problem of public health not only in developing life expectancy deals with the occurrence of a se-
countries but also in the western world37, where ries of concatenating events: malnutrition, under-
the highest burden of disease involves immi- lying acute or chronic diseases, and the biologi-
grants and foreign-born patients. cal changes with aging, all contributing to the ex-
In Europe, 329 391 new episodes of TB and pected age-associated decline in cellular immune
46 241 deaths due to TB have been reported in responses to infecting agents such as M. tubercu-
2009; the estimated percentage of extra-pul- losis51,52.
monary cases in European countries was about Risk factors for TS has been largely investigat-
14%38. ed in several studies: underling diseases such as
In United States, even if the number of TB diabetes mellitus and chronic renal failure have
cases reported annually has decreased by approx- been found in 5% to 25% and 2% to 31% of pa-
imately 57% since 1992, with a decline of 10.5% tients, respectively3,6,12,13,16,17,27,31,35, whereas pro-
in 2009 compared to 2008, the proportion of total longed corticosteroid therapy has been reported
cases occurring in foreign-born persons has in- in 3% to 13% of patients3,6,16,17,27,35. TB is the
creased every year from 1993 to 2008, and in most common and virulent opportunistic infec-
2009 59% of TB cases occurred in foreign-born tion associated with HIV disease53, and skeletal
persons39. tuberculosis is more frequent in HIV-positive pa-
Large migratory movements from areas tients than in HIV-negative54. Godlwana et al19,
where TB is endemic, the accumulation in large in their study performed in South Africa, re-
cities of enormous pockets of poverty, unem- ported a rate of HIV seropositive of 28% of to-
ployment, poor nutrition, and poor living facili- tal TS cases, and similar results were found by
ties have been recognized as major elements both Leibert and Rezai in USA (27% and 25%
that play a role in the resurgence in TB in devel- respectively)25,33. Finally, in a patient presenting
oped countries. In addition, the HIV epidemic, with chronic back-pain, high suspicion of TS
the emergence of multidrug-resistant strains of should be evocated by a previous history of TB,
M. tuberculosis, and the immunity deterioration which is reported in a proportion ranging from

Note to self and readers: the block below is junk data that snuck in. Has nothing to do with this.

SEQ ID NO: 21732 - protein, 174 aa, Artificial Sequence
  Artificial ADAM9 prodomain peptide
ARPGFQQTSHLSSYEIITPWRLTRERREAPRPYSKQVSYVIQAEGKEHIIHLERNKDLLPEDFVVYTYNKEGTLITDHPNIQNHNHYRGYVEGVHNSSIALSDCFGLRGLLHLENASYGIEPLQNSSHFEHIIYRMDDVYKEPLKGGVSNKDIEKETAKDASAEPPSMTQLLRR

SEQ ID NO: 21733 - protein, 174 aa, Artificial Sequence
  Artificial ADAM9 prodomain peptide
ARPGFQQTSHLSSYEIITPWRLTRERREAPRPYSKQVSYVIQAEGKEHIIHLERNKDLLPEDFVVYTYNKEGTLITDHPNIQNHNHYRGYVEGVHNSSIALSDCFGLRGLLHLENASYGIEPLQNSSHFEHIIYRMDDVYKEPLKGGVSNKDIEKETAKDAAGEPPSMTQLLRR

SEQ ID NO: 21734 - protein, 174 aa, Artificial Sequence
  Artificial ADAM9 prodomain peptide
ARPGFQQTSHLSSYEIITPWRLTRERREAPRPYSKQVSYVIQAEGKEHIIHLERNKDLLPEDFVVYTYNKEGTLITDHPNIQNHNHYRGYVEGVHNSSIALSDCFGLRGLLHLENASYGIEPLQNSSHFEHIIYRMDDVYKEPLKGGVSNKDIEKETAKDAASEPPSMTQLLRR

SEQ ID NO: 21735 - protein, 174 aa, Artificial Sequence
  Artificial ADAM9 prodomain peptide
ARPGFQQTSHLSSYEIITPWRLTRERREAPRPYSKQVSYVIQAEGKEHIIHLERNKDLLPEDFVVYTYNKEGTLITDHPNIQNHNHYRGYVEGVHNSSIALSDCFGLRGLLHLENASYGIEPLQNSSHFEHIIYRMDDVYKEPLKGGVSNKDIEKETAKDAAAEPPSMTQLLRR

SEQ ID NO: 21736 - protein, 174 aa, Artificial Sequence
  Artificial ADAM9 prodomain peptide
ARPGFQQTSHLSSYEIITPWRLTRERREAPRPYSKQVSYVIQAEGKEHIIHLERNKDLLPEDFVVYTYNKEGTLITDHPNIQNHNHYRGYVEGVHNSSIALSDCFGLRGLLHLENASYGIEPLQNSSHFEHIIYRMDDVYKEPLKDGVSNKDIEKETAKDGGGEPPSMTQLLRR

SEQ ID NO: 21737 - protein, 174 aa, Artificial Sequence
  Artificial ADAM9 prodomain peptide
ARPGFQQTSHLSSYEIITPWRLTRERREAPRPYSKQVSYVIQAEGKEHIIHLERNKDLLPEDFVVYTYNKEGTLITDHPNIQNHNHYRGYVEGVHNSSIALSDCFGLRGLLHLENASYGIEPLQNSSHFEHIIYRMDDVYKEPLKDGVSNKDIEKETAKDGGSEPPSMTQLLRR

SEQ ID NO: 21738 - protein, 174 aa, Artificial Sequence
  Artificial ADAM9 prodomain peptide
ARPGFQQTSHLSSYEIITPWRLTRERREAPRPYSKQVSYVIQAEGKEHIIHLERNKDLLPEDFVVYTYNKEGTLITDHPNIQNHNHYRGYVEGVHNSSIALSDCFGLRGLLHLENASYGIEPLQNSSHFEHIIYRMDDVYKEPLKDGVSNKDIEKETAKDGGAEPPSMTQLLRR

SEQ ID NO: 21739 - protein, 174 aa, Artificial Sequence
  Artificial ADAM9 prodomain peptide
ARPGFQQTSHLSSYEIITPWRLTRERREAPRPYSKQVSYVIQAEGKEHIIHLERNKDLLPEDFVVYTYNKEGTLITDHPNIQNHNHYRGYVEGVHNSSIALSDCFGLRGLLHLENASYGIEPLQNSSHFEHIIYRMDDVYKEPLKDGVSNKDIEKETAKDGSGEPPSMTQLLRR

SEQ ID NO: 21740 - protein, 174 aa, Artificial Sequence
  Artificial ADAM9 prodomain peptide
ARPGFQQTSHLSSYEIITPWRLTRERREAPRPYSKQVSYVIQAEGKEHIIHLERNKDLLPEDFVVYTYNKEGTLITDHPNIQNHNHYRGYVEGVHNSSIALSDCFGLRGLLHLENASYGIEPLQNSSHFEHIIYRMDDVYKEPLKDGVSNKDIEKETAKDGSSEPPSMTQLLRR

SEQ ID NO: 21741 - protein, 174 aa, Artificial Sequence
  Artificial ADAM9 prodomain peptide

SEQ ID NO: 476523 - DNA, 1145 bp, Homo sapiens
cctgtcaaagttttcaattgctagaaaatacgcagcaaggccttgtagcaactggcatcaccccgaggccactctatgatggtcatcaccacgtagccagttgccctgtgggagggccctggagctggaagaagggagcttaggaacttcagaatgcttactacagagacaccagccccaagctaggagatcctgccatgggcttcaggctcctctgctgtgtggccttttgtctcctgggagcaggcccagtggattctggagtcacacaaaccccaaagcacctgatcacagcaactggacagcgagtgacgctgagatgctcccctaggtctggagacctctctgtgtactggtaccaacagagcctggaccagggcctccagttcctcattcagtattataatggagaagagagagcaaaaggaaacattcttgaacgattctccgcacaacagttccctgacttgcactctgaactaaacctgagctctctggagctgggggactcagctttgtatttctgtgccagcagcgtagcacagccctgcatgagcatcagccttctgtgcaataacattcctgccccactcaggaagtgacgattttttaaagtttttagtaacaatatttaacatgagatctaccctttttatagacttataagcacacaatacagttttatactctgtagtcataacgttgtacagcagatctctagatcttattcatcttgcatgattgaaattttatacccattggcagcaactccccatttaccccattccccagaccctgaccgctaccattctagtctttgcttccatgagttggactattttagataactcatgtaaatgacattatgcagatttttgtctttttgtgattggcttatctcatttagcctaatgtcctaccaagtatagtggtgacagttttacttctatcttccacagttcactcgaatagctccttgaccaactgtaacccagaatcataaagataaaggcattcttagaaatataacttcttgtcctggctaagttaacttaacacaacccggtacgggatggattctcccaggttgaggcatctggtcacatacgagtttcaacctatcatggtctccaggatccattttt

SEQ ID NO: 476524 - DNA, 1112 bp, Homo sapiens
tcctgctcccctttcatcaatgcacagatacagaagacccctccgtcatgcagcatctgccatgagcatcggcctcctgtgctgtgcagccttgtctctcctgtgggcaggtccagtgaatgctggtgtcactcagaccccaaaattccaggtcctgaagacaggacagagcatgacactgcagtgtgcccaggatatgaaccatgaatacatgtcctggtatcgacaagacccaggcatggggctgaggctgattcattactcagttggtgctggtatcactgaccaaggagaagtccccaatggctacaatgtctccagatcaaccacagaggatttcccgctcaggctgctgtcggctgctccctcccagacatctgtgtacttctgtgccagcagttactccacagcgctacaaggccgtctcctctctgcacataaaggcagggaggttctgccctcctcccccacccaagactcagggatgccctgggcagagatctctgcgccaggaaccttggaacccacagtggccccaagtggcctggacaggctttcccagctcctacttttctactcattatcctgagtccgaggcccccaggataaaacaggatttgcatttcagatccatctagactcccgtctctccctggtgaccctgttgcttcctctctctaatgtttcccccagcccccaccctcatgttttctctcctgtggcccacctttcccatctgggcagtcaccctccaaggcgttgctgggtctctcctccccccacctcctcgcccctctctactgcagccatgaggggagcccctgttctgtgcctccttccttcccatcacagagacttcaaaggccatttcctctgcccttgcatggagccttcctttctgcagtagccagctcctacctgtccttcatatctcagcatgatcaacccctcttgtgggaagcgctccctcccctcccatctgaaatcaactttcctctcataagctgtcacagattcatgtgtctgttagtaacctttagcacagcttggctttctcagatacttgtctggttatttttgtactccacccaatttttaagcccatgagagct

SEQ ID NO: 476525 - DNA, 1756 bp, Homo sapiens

due to aging, all contribute to made TB an in- 5% to 100% of patients diagnosed with
creasingly common problem, especially among TS3,6,13,16,19,27,31,32,35.
ethnic minorities 40-47 , and extra-pulmonary
forms of TB have been reported to be more fre-
quent among immigrants in developed
countries48,49. In most of the studies performed
in western countries (United Kingdom, United Pathogenesis
States, France, Switzerland) immigrant patients
represented more than 50% of patients diag- In a significant percentage of TS cases there is
nosed with TS5,23,31-33. no evidence of primary infection: concurrent local-
Demographic characteristics and principal risk izations of TB in other sites are reported in 3% to
factors reported in 29 different observational 65% of cases, with a rate of pulmonary involve-
studies are shown in Table I. ment that ranges from 1% to 67%, mostly account-
The mean age of presentation of TS is report- ing for more than 20% 3,5,6,8,12,13,16,18,24, 26,29,31,33-36
ed to range between 30 to 40 years5,18,20,22,28,29,34,36. (Table II).
In the retrospective review performed by Turgut As for pyogenic spondylodiscitis, TSs can re-
et al36 and including all cases of TS reported in sult from arterial haematogenous seeding of the
Turkey from 1985 to 1996, the mean age was 32 M. tuberculosis starting from a quiescent or ac-
years, whereas in a large French epidemiological tive pulmonary focus, or can be due to contigu-
study on spondylodiscitis, TS was significantly ous or lymphatic spread from pleural disease55.

59
60
Table I. Country, number of patients, demographic characteristics, and risks factors in 29 different observational studies.

Author Study Country Patients Male Age Foreign HIV IDU DM CRF Cortico- Previous
(reference) period (n°) (mean) born steroids TB

Alothman et al (3) 1985-1998 Saudi Arabia 69 53.6 53 - - - 10 - 3 7.2


Alavi et al (16) 1999-2008 Iran 69 60.8 44 - 17.4 17.4 8.7 14.5 13 28.9
Colmenero et al (12) 1983-1995 Spain 42 50 - - - 7.1 4.9 - - -
Colmenero et al [2] (17) 1983-2002 Spain 78 51.3 49 5.1 7.7 11.5 11.5 - 5.1 -
Cormican et al (5) 1999-2004 UK 21 61.9 35 90.5 4.8 4.8 - - - -
Dharmalingam (18) 2000-2002 Malaysia 33 72.7 36 9 - - - - - -
Goldwana et al (19) 2005-2006 South Africa 104 46 - - 28 - - - - 100
Hadadi et al (20) 2003-2005 Iran 22 56.5 40 43.5 - - - - - -
Hayes et al (21) 1985-1992 UK 21 52.4 38 - - - - - - -
Jalle et al (22) 1985-1989 Malaysia 31 61.3 35.4 - - - - - - -
Janssens et al (23) 1976-1986 Switzerland 26 61.5 48 53.8 - - - - - -